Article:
Ten of these big articulateds were built for the Feather River Canyon route, running the Pacific Fruit Express trains (65-74 cars) through the canyon and up a 1% grade at speeds of 18-25 mph over a distance of 117 miles from Oroville to Portola. The WP had been using two 2-6-6-2s, a 2-6-6-2 and a 2-8-2, or a double-headed set of 2-8-8-2 and 2-8-0 locomotives.
These were oil-fired engines with immense firebox areas. Firebox and combustion chamber had Nicholson thermic syphons which contributed considerably to the heating surface area; three were in the firebox, two in the combustion chamber. The thermic syphons alone amounted to 217 sq ft (20.15 sq m) and the combustion chamber added another 155 sq ft (14.4 sq m).
When delivered, two of the boilers were fitted with Worthington No 6 Type S open-system feedwater heater and four used the Elesco Type K-60 closed-system. Four 12" (305 mm) piston valves fed the cylinders. A report in the Boiler Maker in 1922 discussed "one of the most important considerations" when choosing between Worthington's open system, where the hot steam was blended directly with the incoming water, and the closed system of Elesco and Coffin, which passed the feed water through a tube in the center of a steam-filled chamber. In bad water districts, said the report, the closed type heater built up scale on the tubes that would "retard the heat transmitted and reduce the efficiency of the heater." One clear result from the difference was that the Worthington could from shopping to shopping without being cleaned.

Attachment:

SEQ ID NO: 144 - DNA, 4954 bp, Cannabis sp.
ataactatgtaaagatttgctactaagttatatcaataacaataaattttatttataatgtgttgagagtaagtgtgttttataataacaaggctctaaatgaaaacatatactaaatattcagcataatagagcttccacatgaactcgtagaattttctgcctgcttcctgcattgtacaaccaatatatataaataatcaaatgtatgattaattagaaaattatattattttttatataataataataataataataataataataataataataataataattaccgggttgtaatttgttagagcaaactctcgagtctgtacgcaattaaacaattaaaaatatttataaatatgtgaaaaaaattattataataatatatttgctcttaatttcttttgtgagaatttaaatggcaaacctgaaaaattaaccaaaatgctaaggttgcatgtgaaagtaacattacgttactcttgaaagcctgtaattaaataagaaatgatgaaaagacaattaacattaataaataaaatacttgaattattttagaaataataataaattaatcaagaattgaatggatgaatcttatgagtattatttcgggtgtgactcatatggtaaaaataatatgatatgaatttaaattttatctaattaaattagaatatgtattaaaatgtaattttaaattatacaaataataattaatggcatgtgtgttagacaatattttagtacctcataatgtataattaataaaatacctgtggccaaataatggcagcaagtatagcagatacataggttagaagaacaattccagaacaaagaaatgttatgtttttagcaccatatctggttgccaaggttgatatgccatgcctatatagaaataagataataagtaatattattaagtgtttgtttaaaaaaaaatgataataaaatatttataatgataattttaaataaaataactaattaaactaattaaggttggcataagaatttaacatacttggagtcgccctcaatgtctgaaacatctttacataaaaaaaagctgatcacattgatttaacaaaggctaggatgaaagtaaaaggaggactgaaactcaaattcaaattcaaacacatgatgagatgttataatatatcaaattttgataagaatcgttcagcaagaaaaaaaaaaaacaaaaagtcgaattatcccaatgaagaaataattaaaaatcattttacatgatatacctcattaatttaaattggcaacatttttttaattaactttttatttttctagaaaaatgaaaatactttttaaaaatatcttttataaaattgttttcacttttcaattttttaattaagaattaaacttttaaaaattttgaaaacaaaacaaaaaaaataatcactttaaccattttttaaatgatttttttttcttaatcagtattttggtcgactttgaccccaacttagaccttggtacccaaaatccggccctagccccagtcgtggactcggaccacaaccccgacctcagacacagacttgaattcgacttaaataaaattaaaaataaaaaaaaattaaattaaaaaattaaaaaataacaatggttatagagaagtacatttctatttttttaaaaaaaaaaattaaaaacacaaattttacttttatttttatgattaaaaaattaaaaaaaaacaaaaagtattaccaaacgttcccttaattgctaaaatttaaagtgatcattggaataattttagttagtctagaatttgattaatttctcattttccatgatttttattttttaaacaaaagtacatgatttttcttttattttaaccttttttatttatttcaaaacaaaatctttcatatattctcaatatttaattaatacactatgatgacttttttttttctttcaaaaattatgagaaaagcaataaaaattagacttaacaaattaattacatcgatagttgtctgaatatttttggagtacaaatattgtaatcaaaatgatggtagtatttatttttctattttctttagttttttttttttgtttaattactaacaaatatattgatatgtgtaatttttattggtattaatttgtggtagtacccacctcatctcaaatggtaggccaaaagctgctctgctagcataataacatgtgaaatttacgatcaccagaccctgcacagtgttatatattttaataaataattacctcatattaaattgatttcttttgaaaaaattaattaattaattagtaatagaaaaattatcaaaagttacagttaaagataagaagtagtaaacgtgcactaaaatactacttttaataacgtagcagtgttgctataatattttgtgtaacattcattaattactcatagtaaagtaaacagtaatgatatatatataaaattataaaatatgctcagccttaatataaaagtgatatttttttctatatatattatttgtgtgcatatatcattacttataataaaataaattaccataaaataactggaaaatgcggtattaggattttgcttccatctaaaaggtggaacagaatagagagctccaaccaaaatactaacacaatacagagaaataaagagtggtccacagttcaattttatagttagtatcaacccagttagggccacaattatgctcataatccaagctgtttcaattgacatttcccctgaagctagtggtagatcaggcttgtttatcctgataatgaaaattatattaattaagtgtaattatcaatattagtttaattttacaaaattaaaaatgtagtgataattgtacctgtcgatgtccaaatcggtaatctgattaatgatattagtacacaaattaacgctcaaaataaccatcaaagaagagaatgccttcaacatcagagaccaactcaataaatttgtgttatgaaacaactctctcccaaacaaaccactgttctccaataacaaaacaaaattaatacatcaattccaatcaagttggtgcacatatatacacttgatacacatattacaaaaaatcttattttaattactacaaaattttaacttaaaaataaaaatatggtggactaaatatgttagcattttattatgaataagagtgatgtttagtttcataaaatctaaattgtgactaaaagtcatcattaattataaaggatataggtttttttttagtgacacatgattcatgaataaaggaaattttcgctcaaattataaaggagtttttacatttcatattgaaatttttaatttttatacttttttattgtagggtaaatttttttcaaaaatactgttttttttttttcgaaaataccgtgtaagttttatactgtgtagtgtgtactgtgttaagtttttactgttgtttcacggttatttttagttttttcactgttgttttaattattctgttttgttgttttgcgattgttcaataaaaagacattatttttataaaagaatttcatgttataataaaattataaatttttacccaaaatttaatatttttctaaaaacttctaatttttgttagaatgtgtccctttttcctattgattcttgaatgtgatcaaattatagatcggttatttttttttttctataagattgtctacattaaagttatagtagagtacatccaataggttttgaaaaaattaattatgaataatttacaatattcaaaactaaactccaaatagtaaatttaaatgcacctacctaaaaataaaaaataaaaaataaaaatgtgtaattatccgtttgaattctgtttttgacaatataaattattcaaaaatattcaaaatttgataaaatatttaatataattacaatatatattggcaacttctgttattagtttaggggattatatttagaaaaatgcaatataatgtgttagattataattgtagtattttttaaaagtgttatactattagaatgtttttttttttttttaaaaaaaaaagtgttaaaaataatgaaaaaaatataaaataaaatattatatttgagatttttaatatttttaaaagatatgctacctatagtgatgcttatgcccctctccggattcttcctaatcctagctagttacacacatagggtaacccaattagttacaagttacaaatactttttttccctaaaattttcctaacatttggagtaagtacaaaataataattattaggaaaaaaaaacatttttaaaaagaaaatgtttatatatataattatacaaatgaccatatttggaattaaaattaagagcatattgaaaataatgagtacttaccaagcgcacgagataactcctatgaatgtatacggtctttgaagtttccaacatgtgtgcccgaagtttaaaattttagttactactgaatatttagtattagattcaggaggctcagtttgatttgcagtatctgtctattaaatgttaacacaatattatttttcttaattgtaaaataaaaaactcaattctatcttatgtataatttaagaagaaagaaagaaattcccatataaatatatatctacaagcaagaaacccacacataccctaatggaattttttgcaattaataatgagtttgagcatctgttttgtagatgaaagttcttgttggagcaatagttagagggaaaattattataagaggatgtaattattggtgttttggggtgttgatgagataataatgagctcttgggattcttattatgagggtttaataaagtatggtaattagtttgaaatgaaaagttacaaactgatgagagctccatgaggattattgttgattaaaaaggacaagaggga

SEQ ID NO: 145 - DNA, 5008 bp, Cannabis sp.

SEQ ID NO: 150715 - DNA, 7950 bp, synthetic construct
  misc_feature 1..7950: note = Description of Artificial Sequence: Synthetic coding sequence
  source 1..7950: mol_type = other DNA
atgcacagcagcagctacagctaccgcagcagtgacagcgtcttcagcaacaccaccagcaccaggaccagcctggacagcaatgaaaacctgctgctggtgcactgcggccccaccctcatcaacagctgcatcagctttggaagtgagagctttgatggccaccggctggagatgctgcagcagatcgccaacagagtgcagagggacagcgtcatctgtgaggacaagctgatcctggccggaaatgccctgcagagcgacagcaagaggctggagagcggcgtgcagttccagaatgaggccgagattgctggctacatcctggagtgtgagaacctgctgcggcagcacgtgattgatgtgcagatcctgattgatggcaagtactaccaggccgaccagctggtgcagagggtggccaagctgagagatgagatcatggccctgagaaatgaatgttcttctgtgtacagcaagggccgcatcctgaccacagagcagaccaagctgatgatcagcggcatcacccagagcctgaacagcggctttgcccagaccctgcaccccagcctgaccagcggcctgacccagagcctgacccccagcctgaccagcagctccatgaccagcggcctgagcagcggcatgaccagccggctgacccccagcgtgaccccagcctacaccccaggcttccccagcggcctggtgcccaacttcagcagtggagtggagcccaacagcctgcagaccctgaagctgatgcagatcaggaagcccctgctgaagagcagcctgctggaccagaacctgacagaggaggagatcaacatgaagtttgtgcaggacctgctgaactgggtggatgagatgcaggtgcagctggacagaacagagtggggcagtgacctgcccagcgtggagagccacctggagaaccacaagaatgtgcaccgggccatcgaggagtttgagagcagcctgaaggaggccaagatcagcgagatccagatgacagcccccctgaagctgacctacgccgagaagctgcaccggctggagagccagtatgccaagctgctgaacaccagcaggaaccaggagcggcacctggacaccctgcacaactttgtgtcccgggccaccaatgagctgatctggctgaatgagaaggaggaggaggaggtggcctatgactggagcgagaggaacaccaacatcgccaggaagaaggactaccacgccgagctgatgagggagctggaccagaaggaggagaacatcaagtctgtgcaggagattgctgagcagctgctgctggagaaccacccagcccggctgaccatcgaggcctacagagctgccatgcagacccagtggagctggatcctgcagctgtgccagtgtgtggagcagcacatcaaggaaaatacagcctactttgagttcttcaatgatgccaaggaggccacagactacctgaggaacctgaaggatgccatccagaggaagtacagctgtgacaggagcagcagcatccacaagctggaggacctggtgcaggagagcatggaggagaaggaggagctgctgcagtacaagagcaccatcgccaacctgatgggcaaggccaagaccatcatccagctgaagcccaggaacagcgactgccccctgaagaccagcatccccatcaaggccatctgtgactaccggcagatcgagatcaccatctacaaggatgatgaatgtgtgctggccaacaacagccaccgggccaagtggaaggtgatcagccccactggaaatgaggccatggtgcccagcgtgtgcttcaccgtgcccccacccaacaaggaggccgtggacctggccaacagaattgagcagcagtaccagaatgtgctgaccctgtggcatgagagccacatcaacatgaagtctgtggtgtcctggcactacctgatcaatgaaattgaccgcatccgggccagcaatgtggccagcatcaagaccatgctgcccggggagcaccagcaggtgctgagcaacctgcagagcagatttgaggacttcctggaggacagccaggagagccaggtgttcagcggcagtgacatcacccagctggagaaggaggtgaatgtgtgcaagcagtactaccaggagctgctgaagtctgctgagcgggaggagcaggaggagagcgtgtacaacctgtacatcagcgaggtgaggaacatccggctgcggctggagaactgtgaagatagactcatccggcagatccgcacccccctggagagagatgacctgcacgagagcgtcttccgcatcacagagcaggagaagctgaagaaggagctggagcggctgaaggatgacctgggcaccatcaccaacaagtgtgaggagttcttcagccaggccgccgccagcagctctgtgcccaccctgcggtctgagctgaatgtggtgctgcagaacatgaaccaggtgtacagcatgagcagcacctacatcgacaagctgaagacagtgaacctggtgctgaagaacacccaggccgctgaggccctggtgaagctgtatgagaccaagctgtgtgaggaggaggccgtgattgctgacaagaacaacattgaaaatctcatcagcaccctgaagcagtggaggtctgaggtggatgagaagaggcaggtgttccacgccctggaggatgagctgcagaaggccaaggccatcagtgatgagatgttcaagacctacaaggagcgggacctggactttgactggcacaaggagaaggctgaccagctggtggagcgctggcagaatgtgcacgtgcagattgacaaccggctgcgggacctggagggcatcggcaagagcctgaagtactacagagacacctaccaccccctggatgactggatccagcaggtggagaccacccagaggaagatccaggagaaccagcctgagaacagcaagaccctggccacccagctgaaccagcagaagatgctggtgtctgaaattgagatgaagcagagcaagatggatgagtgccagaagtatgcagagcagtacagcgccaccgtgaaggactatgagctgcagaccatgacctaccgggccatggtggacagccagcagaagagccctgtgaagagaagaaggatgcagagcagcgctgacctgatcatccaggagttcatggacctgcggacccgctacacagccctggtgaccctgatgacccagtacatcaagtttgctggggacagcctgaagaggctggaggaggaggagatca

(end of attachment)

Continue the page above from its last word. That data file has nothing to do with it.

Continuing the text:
The RA article reported that preliminary tests showed that one M-137 could handle trains of similar tonnage to the earlier consists and with approximately the same fuel consumption".
As good as the class was, the WP soon tested the EMD four-diesel set and plumped for diesels sooner than most other US railroads. As a result, the entire class of M-137s was scrapped in the early 1950s.
|Principal Dimensions by Steve Llanso of Sweat House Media|
|Railroad||Western Pacific (WP)|
|Number in Class||10|
|Locomotive Length and Weight|
|Driver Wheelbase (ft / m)||16.50 / 5.03|
|Engine Wheelbase (ft / m)||61.42 / 18.72|
|Ratio of driving wheelbase to overall engine wheebase||0.27|
|Overall Wheelbase (engine & tender) (ft / m)||108|
|Axle Loading (Maximum Weight per Axle) (lbs / kg)||69,088 / 31,338|
|Weight on Drivers (lbs / kg)||552,700 / 250,701|
|Engine Weight (lbs / kg)||665,100 / 301,685|
|Tender Loaded Weight (lbs / kg)||408,250 / 185,179|
|Total Engine and Tender Weight (lbs / kg)||1,073,350 / 486,864|
|Tender Water Capacity (gals / ML)||22,000 / 83.33|
|Tender Fuel Capacity (oil/coal) (gals/tons / ML/MT)||6000 / 22.70|
|Minimum weight of rail (calculated) (lb/yd / kg/m)||115 / 57.50|
|Geometry Relating to Tractive Effort|
|Driver Diameter (in / mm)||63 / 1600|
|Boiler Pressure (psi / kPa)||235 / 16.20|
|High Pressure Cylinders (dia x stroke) (in / mm)||26" x 32" / 660x813 (4)|
|Tractive Effort (lbs / kg)||137,174 / 62221.15|
|Factor of Adhesion (Weight on Drivers/Tractive Effort)||4.03|
|Firebox Area (sq ft / m2)||739 / 68.68|
|Grate Area (sq ft / m2)||145 / 13.48|
|Evaporative Heating Surface (sq ft / m2)||6811 / 632.99|
|Superheating Surface (sq ft / m2)||2152 / 200|
|Combined Heating Surface (sq ft / m2)||8963 / 832.99|
|Evaporative Heating Surface/Cylinder Volume||173.18|
|Computations Relating to Power Output (More Information)|
|Robert LeMassena's Power Computation||34,075|
|Same as above plus superheater percentage||42,253|
|Same as above but substitute firebox area for grate area||215,345|